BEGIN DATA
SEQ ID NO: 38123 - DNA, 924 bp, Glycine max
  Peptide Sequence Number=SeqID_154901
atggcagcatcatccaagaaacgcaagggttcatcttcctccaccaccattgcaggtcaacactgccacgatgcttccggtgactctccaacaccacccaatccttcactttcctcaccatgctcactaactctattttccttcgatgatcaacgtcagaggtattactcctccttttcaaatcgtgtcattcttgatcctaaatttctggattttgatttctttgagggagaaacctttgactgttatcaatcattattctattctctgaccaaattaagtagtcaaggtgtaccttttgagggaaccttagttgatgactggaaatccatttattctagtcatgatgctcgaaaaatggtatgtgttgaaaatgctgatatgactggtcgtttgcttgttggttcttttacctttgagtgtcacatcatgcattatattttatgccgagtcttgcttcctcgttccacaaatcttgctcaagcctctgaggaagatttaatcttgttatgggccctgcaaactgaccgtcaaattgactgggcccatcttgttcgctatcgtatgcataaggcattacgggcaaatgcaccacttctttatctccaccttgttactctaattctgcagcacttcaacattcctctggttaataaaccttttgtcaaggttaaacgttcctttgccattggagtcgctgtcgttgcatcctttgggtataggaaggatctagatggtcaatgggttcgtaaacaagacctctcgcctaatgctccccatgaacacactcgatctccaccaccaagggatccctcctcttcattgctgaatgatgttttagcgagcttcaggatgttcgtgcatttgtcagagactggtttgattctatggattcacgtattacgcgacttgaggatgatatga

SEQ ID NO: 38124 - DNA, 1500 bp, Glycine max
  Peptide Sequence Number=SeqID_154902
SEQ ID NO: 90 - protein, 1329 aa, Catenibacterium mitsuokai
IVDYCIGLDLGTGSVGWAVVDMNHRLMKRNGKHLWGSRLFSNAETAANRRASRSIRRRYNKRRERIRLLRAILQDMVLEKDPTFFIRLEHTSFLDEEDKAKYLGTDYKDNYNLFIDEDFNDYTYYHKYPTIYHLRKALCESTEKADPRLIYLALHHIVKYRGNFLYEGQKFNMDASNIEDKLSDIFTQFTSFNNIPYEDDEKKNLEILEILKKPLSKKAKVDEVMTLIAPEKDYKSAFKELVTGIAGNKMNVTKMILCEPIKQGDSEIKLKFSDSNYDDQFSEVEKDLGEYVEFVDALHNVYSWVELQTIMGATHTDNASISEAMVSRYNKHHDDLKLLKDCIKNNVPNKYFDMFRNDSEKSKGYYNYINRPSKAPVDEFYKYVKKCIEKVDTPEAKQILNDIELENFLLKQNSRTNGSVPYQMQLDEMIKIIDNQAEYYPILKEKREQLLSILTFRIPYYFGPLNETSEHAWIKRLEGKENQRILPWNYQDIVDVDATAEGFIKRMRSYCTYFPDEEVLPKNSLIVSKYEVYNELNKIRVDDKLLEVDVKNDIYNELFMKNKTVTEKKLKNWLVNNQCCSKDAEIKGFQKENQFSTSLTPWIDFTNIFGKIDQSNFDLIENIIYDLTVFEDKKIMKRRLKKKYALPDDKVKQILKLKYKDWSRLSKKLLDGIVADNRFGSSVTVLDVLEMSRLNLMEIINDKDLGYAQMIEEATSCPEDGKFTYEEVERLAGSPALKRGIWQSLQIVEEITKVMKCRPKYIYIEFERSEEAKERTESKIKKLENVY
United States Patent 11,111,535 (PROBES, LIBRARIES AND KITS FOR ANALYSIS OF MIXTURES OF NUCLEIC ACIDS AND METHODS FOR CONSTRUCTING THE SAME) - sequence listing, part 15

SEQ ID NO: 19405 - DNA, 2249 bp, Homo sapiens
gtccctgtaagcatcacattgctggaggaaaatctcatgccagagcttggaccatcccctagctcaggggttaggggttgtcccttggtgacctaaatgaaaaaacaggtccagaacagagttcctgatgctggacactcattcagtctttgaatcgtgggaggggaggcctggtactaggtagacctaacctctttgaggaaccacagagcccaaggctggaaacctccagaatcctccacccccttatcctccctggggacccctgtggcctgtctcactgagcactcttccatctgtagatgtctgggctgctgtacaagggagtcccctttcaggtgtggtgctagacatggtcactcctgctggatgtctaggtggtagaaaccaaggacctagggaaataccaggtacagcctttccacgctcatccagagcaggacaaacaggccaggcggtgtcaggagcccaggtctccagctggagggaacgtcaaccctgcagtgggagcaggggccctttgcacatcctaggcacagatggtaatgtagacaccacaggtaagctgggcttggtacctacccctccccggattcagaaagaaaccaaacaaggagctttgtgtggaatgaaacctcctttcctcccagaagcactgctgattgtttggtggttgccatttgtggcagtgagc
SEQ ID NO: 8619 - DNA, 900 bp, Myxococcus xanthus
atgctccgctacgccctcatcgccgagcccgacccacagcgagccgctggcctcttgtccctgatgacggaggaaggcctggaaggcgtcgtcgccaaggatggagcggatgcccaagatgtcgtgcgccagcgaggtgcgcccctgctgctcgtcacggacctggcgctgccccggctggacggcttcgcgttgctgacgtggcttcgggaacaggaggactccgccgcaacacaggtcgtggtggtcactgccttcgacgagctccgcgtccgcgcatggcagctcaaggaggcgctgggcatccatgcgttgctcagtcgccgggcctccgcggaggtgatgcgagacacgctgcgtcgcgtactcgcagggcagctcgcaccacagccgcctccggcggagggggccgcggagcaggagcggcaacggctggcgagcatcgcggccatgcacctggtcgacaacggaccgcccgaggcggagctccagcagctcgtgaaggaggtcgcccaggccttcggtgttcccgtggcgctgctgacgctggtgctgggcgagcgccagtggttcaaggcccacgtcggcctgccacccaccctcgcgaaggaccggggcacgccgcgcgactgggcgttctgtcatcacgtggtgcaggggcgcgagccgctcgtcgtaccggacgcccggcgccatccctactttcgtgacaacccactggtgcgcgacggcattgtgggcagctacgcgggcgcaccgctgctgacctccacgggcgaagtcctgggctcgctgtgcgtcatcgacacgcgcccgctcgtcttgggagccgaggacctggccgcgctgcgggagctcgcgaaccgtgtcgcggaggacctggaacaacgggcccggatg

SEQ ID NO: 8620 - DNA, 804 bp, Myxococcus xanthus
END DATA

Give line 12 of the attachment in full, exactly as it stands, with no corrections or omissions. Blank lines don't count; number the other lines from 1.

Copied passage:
atgctccgctacgccctcatcgccgagcccgacccacagcgagccgctggcctcttgtccctgatgacggaggaaggcctggaaggcgtcgtcgccaaggatggagcggatgcccaagatgtcgtgcgccagcgaggtgcgcccctgctgctcgtcacggacctggcgctgccccggctggacggcttcgcgttgctgacgtggcttcgggaacaggaggactccgccgcaacacaggtcgtggtggtcactgccttcgacgagctccgcgtccgcgcatggcagctcaaggaggcgctgggcatccatgcgttgctcagtcgccgggcctccgcggaggtgatgcgagacacgctgcgtcgcgtactcgcagggcagctcgcaccacagccgcctccggcggagggggccgcggagcaggagcggcaacggctggcgagcatcgcggccatgcacctggtcgacaacggaccgcccgaggcggagctccagcagctcgtgaaggaggtcgcccaggccttcggtgttcccgtggcgctgctgacgctggtgctgggcgagcgccagtggttcaaggcccacgtcggcctgccacccaccctcgcgaaggaccggggcacgccgcgcgactgggcgttctgtcatcacgtggtgcaggggcgcgagccgctcgtcgtaccggacgcccggcgccatccctactttcgtgacaacccactggtgcgcgacggcattgtgggcagctacgcgggcgcaccgctgctgacctccacgggcgaagtcctgggctcgctgtgcgtcatcgacacgcgcccgctcgtcttgggagccgaggacctggccgcgctgcgggagctcgcgaaccgtgtcgcggaggacctggaacaacgggcccggatg